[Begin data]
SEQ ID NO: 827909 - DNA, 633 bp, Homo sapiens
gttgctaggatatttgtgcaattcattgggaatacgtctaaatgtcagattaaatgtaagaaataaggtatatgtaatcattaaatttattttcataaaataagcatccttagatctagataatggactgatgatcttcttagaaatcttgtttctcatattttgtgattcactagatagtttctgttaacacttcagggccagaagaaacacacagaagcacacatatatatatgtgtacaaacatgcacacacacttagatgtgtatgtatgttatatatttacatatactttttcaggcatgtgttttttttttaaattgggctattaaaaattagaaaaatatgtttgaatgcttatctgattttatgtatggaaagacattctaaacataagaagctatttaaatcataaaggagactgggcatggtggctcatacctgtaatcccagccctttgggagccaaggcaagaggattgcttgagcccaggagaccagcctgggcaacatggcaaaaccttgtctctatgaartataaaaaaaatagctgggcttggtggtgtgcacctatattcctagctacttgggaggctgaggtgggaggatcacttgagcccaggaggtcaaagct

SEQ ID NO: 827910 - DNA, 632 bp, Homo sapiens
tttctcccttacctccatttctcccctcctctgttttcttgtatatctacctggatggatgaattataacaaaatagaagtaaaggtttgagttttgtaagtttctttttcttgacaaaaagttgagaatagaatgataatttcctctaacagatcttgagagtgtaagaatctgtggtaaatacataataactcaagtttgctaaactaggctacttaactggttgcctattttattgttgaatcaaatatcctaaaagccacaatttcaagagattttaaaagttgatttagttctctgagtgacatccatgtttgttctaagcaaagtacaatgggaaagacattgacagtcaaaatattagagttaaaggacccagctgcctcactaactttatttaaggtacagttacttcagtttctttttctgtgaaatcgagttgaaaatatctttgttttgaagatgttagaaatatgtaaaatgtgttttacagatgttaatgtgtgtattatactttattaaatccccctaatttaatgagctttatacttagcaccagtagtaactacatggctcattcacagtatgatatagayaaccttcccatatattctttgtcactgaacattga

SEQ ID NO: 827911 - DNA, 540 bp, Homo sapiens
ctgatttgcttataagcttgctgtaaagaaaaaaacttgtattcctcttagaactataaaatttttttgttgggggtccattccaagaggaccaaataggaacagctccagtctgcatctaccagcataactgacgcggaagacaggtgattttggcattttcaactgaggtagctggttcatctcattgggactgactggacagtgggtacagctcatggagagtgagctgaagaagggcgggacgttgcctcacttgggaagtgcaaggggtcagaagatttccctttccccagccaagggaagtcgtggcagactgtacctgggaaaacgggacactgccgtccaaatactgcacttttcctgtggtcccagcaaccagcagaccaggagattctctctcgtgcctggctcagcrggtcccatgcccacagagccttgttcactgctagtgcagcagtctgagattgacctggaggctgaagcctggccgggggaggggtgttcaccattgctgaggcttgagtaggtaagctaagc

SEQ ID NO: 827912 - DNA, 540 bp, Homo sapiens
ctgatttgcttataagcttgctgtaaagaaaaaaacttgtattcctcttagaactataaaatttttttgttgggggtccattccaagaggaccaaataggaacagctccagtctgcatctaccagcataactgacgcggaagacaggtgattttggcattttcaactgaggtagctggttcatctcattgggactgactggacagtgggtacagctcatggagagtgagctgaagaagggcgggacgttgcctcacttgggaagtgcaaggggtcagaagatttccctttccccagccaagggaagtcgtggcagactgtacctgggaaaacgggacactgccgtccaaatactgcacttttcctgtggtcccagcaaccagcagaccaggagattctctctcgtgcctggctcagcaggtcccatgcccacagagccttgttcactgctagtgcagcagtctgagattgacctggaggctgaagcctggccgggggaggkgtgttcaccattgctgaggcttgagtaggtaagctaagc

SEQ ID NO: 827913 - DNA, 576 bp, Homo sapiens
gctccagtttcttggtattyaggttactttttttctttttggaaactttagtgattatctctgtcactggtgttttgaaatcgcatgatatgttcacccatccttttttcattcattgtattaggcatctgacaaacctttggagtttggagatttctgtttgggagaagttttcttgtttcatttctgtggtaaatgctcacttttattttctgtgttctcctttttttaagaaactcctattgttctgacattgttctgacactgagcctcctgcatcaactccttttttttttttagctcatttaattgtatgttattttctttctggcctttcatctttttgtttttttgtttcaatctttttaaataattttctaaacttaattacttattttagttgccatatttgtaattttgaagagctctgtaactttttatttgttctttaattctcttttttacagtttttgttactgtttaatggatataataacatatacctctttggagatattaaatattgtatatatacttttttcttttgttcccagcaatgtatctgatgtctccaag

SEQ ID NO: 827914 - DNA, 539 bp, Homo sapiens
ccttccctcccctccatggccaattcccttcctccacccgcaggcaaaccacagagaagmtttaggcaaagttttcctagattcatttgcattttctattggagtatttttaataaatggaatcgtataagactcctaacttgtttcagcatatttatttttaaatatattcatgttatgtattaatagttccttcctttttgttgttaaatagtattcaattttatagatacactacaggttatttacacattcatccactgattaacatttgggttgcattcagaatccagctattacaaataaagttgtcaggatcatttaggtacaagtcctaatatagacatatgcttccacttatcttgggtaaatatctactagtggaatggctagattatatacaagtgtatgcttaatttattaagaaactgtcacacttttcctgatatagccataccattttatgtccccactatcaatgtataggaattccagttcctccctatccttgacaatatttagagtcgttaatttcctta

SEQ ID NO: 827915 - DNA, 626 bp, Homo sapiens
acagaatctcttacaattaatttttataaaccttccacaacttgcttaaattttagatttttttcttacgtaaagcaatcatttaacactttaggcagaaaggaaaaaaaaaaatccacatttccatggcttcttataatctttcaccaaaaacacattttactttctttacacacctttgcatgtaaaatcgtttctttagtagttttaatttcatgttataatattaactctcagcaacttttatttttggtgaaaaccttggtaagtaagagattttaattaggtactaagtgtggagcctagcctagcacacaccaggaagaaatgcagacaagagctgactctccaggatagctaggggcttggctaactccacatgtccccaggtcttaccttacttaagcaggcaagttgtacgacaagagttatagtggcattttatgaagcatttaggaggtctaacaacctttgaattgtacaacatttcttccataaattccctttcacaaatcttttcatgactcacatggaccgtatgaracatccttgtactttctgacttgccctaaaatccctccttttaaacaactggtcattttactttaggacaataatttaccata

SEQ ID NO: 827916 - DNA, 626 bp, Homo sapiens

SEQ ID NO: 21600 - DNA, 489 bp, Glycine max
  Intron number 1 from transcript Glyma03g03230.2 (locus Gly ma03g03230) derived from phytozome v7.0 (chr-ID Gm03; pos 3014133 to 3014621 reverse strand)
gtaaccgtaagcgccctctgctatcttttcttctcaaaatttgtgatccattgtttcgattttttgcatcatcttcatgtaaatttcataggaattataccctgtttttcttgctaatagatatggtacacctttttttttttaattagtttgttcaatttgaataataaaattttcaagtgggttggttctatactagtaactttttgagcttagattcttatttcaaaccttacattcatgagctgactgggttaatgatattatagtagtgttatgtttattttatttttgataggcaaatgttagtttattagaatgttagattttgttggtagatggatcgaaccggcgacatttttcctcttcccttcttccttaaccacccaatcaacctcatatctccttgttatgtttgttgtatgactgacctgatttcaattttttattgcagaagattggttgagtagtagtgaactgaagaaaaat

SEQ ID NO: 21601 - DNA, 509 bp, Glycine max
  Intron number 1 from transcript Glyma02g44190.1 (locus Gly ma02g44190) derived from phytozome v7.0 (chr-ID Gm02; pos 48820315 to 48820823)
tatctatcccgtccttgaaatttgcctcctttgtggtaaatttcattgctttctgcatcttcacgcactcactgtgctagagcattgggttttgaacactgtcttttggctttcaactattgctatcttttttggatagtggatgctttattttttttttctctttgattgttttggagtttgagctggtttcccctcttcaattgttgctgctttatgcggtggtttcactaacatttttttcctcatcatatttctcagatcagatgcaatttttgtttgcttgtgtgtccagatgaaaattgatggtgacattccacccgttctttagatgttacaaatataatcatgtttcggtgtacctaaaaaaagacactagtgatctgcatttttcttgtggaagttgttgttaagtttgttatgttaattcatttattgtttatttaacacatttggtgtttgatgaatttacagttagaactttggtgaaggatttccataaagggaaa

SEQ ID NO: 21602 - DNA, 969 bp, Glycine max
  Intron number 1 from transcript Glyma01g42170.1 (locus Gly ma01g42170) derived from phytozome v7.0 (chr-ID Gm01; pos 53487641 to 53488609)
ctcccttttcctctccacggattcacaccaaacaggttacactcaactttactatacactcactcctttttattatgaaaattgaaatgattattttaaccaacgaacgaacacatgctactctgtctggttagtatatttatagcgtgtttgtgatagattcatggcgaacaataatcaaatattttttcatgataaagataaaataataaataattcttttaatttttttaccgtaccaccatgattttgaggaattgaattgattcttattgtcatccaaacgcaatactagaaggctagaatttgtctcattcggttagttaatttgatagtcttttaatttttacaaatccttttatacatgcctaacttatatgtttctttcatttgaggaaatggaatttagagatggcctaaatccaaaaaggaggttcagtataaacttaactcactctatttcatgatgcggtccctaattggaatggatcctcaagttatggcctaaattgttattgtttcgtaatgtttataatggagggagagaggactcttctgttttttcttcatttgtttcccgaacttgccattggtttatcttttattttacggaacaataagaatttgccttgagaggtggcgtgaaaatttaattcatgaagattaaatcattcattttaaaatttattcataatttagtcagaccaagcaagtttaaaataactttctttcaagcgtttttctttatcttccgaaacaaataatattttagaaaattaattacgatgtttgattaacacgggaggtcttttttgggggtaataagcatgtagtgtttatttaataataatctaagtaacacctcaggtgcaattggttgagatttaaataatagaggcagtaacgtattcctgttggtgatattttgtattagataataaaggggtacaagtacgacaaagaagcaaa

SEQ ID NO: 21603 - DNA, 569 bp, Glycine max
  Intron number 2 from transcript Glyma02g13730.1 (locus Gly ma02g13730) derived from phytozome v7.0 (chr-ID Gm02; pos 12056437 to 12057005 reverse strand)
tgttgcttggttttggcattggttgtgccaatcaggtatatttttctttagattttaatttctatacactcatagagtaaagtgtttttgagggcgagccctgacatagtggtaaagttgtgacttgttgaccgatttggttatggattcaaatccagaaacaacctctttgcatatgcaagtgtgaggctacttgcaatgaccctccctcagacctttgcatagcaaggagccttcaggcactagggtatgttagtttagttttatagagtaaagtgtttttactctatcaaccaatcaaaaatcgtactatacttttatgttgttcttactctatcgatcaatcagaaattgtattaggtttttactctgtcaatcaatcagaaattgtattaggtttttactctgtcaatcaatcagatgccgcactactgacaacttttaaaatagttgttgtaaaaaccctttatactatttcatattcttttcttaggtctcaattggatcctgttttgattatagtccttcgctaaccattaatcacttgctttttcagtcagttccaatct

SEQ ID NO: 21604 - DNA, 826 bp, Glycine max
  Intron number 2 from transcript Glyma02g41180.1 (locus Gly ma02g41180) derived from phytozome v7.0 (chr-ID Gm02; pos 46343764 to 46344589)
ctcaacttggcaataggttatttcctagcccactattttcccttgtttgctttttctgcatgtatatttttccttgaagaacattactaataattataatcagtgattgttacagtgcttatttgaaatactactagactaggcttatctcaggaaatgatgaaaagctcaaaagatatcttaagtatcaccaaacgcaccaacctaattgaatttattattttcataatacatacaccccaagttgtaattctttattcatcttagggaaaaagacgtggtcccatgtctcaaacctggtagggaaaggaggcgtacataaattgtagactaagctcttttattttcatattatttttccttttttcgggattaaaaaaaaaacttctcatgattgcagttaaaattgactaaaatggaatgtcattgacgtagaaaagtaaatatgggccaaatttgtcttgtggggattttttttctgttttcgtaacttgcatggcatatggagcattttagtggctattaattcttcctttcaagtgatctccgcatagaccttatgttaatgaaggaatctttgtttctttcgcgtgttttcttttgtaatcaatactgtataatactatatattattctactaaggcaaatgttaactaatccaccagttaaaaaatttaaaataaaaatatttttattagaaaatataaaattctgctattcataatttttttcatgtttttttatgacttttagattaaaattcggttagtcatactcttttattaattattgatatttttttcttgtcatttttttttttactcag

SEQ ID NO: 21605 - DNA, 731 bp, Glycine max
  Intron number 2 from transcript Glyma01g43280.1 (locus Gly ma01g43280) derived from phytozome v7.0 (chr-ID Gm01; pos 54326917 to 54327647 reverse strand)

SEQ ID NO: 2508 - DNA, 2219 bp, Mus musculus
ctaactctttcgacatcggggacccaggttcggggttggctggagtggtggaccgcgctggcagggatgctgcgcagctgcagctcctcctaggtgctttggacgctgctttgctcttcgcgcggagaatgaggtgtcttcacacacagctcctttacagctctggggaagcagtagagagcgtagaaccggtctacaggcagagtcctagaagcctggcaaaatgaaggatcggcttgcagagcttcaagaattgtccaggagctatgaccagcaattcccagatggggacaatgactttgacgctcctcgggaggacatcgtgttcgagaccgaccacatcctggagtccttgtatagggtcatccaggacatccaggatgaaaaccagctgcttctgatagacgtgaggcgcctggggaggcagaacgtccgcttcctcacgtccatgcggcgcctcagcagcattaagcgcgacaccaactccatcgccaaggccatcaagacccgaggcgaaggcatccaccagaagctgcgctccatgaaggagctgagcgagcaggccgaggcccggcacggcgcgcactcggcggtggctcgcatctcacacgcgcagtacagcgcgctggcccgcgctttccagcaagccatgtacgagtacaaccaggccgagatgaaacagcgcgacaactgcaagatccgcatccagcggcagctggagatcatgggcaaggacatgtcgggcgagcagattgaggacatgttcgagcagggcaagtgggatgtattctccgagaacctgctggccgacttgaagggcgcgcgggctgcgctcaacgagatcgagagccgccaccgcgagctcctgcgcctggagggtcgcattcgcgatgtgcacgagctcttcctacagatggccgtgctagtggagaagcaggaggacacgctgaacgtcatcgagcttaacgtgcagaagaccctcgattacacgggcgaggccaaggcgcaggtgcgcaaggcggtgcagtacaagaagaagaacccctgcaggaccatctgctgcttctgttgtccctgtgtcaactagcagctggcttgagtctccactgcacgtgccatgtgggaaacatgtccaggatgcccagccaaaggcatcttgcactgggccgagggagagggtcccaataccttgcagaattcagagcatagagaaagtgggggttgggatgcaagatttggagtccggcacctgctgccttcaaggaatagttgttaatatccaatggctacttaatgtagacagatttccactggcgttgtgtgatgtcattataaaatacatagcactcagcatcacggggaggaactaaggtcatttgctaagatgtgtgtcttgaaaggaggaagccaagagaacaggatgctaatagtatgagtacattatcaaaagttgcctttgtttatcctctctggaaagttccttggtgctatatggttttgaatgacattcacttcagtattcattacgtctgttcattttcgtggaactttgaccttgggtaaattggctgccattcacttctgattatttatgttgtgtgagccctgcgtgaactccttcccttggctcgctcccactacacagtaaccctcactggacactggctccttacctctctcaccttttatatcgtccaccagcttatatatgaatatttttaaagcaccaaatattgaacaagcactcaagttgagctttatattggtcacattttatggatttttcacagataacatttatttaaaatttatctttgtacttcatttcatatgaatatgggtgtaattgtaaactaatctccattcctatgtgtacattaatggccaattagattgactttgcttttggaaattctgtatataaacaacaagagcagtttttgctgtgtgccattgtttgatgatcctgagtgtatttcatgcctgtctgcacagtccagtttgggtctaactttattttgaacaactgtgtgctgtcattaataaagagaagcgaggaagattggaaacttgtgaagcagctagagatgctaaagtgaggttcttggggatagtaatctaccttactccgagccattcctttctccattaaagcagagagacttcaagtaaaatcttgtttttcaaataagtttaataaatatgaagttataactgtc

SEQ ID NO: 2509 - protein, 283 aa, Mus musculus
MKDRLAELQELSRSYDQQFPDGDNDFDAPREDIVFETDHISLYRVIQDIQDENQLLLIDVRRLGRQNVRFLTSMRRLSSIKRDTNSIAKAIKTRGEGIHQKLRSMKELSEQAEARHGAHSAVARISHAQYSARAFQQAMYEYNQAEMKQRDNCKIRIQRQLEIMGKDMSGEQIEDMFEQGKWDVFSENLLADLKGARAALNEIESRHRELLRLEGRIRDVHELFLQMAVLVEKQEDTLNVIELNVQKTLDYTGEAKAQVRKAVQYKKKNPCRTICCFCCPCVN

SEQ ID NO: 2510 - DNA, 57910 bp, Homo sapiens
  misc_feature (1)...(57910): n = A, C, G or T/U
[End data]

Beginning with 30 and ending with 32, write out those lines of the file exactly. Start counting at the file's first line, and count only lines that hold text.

ctcaacttggcaataggttatttcctagcccactattttcccttgtttgctttttctgcatgtatatttttccttgaagaacattactaataattataatcagtgattgttacagtgcttatttgaaatactactagactaggcttatctcaggaaatgatgaaaagctcaaaagatatcttaagtatcaccaaacgcaccaacctaattgaatttattattttcataatacatacaccccaagttgtaattctttattcatcttagggaaaaagacgtggtcccatgtctcaaacctggtagggaaaggaggcgtacataaattgtagactaagctcttttattttcatattatttttccttttttcgggattaaaaaaaaaacttctcatgattgcagttaaaattgactaaaatggaatgtcattgacgtagaaaagtaaatatgggccaaatttgtcttgtggggattttttttctgttttcgtaacttgcatggcatatggagcattttagtggctattaattcttcctttcaagtgatctccgcatagaccttatgttaatgaaggaatctttgtttctttcgcgtgttttcttttgtaatcaatactgtataatactatatattattctactaaggcaaatgttaactaatccaccagttaaaaaatttaaaataaaaatatttttattagaaaatataaaattctgctattcataatttttttcatgtttttttatgacttttagattaaaattcggttagtcatactcttttattaattattgatatttttttcttgtcatttttttttttactcag

SEQ ID NO: 21605 - DNA, 731 bp, Glycine max
  Intron number 2 from transcript Glyma01g43280.1 (locus Gly ma01g43280) derived from phytozome v7.0 (chr-ID Gm01; pos 54326917 to 54327647 reverse strand)